Skunk by Z.D. Dicks

I am a creature of urges
that longs/ to sidle underside
tail to nose/ press into you/
cup chin in my paws
pierce sharp eyes through
nuzzling my snout flat
to merge/ our foreheads/
together/ as a bone heart/
I want to tilt your head/ run
my whiskers up/ push down
blackened lips/ to the crease
of your hair/ inhale each
and every pore/ gasp amid
drip chatter/ of street night/
clamber/ into high brickwork/
watch your shadowed strip
and share our stink/
to a roll of applause/ from bin lids

Z. D. Dicks
 has been accepted by Obsessed with Pipework, Sarasvati, Ink, Sweat and Tears, Three Drops from a Cauldron, Fresh Air Poetry, As it Ought to Be, I am not a silent poet, The Hedgehog Poetry Press and described as ‘a gothic Seamus Heaney’ by Anna Saunders.


Blue by Sam Wilson Fletcher

We roll up our trousers and wade
into the city river, down a sloping bank
of cool mud which soothes our cracked feet,
the water now up to our waists,
now over our heads, down
into a valley of silt
like the hull of a giant wrecked boat
littered with all kinds of junk,
and sit in our shopping trolleys
cosy with ropes and nets like nests;

as the barges drift overhead like clouds
we sip hot cod liver oil from our thermoses
and close our eyes, and listen
as the engines churn up the water
and the seagulls splash and fight over chips
and the sewer pipes flush;

the sun rolls into place
between the waterfront offices and apartment blocks
like an avenue of standing stones, and shoots into the water
a low-angle shaft of light
which slowly sweeps the bottom
—we turn our heads like flowers
and smile as the sun-shaft beams
through our closed eyelids, glazing our brains;

and when the sun sets
behind the tower blocks, the barge-men
empty their rubbish bins into the water
and half-full cans of lager
and bits of useless metal
rain down around us, landing with puffs of silt,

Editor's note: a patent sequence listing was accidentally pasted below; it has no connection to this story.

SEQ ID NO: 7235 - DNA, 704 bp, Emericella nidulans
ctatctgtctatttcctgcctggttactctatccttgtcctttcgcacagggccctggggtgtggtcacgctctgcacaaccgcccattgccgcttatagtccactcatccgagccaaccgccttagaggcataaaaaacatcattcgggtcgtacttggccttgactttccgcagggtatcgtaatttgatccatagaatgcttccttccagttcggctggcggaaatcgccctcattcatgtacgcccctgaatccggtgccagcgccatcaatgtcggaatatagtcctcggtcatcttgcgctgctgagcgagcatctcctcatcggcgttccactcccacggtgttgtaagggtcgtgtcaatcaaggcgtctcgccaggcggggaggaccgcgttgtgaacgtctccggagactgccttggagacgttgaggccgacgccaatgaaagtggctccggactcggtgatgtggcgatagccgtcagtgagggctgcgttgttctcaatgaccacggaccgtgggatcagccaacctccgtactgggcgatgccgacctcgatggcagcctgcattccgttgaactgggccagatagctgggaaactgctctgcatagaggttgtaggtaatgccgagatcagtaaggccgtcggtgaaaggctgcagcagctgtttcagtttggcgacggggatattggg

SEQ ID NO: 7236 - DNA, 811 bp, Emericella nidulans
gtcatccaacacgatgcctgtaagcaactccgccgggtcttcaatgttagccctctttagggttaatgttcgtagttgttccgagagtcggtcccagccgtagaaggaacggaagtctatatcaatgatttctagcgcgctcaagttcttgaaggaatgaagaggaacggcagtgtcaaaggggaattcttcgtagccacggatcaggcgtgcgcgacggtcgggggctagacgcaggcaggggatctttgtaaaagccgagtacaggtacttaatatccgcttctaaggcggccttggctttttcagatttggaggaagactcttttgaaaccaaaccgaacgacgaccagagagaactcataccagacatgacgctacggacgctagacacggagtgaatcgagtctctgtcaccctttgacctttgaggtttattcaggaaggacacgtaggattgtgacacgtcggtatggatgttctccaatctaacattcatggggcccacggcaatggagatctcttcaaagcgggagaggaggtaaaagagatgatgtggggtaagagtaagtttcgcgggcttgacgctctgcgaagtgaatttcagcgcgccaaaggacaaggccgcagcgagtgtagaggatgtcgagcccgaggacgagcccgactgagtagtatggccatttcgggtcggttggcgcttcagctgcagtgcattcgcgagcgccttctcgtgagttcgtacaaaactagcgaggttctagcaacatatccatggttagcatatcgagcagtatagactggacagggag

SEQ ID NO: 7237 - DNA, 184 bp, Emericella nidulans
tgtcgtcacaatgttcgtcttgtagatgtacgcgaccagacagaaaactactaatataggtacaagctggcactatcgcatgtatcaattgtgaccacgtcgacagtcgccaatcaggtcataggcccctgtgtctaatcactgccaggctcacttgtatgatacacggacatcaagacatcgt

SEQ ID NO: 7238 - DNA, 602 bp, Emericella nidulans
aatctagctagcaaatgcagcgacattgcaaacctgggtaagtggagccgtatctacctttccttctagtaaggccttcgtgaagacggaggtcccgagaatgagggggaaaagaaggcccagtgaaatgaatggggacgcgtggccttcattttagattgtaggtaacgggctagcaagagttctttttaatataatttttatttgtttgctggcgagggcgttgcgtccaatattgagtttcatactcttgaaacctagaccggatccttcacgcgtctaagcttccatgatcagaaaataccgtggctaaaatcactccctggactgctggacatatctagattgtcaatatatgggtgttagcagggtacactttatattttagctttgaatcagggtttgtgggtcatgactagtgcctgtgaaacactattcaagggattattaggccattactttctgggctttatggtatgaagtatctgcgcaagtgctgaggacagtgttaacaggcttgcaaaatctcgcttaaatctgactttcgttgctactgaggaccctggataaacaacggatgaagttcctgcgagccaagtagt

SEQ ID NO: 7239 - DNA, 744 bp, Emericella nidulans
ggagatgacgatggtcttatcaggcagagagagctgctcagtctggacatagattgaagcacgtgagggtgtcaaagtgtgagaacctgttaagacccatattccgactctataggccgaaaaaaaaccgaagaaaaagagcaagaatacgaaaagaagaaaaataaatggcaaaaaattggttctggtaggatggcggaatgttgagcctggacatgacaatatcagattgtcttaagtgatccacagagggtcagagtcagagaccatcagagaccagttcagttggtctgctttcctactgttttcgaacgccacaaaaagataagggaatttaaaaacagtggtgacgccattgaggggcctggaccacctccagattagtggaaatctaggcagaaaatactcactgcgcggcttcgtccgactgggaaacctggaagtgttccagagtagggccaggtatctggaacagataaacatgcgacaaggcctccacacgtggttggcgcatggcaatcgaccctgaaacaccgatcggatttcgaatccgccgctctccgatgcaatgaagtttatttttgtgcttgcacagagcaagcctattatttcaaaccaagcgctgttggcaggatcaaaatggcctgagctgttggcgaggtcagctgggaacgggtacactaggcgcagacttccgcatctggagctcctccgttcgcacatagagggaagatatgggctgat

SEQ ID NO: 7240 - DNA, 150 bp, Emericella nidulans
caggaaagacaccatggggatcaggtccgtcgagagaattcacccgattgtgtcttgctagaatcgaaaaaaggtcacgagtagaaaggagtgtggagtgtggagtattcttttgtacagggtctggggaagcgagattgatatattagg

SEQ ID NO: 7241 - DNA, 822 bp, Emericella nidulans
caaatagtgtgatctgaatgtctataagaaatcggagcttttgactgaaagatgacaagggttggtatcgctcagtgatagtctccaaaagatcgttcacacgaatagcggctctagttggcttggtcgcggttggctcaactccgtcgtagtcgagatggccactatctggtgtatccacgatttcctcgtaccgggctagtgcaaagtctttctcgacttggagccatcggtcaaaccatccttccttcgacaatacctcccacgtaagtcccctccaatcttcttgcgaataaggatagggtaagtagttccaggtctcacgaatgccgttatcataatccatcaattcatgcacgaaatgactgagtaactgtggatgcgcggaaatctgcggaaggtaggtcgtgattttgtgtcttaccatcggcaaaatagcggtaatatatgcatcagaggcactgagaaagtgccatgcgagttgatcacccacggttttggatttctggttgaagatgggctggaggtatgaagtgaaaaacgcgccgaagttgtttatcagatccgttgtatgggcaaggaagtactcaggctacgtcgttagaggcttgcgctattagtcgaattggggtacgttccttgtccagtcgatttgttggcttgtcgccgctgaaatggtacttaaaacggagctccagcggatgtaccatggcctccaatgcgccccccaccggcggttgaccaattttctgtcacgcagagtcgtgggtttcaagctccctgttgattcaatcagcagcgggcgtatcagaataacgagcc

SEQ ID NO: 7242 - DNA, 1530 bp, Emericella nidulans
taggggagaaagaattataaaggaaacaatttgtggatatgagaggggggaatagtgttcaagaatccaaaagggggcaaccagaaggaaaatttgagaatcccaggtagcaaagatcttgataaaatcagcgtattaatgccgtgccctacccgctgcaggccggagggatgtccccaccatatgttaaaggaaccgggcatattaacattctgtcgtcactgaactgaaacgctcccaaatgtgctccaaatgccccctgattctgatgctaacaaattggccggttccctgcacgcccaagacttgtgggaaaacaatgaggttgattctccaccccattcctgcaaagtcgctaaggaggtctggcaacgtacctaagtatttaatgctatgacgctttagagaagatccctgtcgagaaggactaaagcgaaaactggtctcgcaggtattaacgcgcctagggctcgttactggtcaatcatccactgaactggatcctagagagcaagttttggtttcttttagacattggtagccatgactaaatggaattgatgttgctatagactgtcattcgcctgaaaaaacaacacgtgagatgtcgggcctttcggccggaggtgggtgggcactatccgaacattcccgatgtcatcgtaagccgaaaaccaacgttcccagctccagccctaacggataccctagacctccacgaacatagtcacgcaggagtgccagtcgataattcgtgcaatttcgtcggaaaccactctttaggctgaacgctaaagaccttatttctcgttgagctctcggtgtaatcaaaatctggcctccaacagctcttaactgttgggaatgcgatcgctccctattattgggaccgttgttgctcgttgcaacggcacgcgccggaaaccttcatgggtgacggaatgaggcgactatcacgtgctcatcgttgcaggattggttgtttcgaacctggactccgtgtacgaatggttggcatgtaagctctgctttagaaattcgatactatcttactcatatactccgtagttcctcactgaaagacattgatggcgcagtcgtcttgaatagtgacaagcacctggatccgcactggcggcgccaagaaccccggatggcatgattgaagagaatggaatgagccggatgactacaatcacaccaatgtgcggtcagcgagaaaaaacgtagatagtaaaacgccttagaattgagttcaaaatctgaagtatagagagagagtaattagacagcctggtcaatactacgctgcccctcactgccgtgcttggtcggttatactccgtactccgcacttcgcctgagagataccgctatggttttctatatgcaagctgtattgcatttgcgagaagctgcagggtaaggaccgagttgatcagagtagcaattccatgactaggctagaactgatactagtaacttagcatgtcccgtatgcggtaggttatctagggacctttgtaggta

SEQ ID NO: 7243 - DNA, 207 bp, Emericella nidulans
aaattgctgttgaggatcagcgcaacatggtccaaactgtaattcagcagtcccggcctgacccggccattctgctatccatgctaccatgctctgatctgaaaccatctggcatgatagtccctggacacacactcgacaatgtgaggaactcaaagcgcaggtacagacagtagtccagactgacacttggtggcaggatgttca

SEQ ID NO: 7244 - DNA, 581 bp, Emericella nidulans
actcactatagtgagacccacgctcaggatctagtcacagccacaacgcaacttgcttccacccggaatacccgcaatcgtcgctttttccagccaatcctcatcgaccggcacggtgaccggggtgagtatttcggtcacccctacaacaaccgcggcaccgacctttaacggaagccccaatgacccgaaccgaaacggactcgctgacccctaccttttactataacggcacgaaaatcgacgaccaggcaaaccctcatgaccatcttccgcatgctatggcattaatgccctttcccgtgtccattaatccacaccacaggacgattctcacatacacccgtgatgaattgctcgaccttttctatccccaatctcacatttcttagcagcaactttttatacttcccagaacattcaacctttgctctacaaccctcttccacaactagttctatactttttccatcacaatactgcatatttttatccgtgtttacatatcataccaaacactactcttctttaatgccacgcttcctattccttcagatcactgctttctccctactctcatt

and the cast-iron lamps switch on;

and while the buses rumble by, and party boats
strung with coloured bulbs
thump overhead, and blurry silhouettes
slide along the stone railings,
the light behind our eyelids
burns bright blue.

Sam Wilson Fletcher
  : Lewisham, 1991  : Wimbledon Park Primary  Wimbledon Chase  Horndean Technology College  Gordano Sixth Form  Oxford  Harvard  German Research Centre for Geosciences (GFZ)  : Ink, Sweat and Tears  The Dawntreader  M58  : Berlin


The Farmer’s Prayer by Zannah Kearns

He lies across the cow’s prone side and prays for healing.
Smooths her flank, half-expecting some bright heat,

a glowing surge to match his prayer,
a vision of angels, a chorus of song.

Beside them lies her calf, warm and slick,
already dead, perfect head on blood-stained straw.

In the yard, rain drips from asbestos roofs,
floods every trench,

falls between cracks above his head
tapping relentlessly his tightened back.

She was his best cow. He’d raised her on a bottle,
and ever since she’d run to him —

even lately, lumbering on inflamed feet, hauling that old pregnant womb,
to blow grass-sweetened blessings into his hands.

Now she’s dead. The vet will come,
test the herd — they’re all infected.

How many pyres must one man see in his lifetime?
Black smoke billowing like oil spills set ablaze.

How many gallons of disinfectant — desperate washing
to ward off the disease that bursts from blisters,

floats its spores, places them like wafers
into the mouths of all living creatures,

interleaving infections between each strand of straw,
layer upon layer, like peat bog over millennia.

This lowly stable. Made for nothing now
except the laying out of calf and cow.

Zannah Kearns
 works as a freelance copywriter, and also reviews poetry pamphlets for Sphinx. Her poems can be found in Poetry Birmingham Journal, and Under the Radar.  Twitter:@zannahkearns


Faceless extinctions by Anna Kisby

A moth arrives like a small hand passing over my face
and when I open my eyes a heartbeat thuds against my
bedside shade. Leave your window ajar and your lamp lit –
why, that’s an invitation, says he. White ermine, little prince.

It was all my fault. No sooner had he nested than I requested
him gone. My insides spun him a silk cocoon, simple to sweep.
He had no face. A moth is a butterfly as a weed is a flower
alighting in the wrong place. Garden tiger, he grew.

A moth arrives like tinnitus, but listen and he stills his wings.
He only begins again on his own terms. Tell me my name?
he asks and won’t stop, like I am a light-trap and he is stunning
himself. Blood-vein, a lost boy looking for his shadow.

It was a hospital bed in strip-light. How uselessly we witness
the faceless. Our windscreens are clean of winged-reminders
of what is lost. In each of my hands, a small hand of the living.
Notice these night-thoughts and let them go. V-moths, thinning.

Anna Kisby
 is a Devon-based poet, archivist and author of the pamphlet All the Naked Daughters (Against the Grain Press, 2017). She won the Binsted Arts prize 2019, BBC Proms Poetry competition 2016, and was commended in Faber’s New Poets Scheme. In 2019 she collaborated on the project Creative Histories of Witchcraft and is subsequently working on a collection exploring historical magical practitioners.

Note: White ermines, Garden tigers, Blood-veins and V-moths are British moths on the verge of extinction.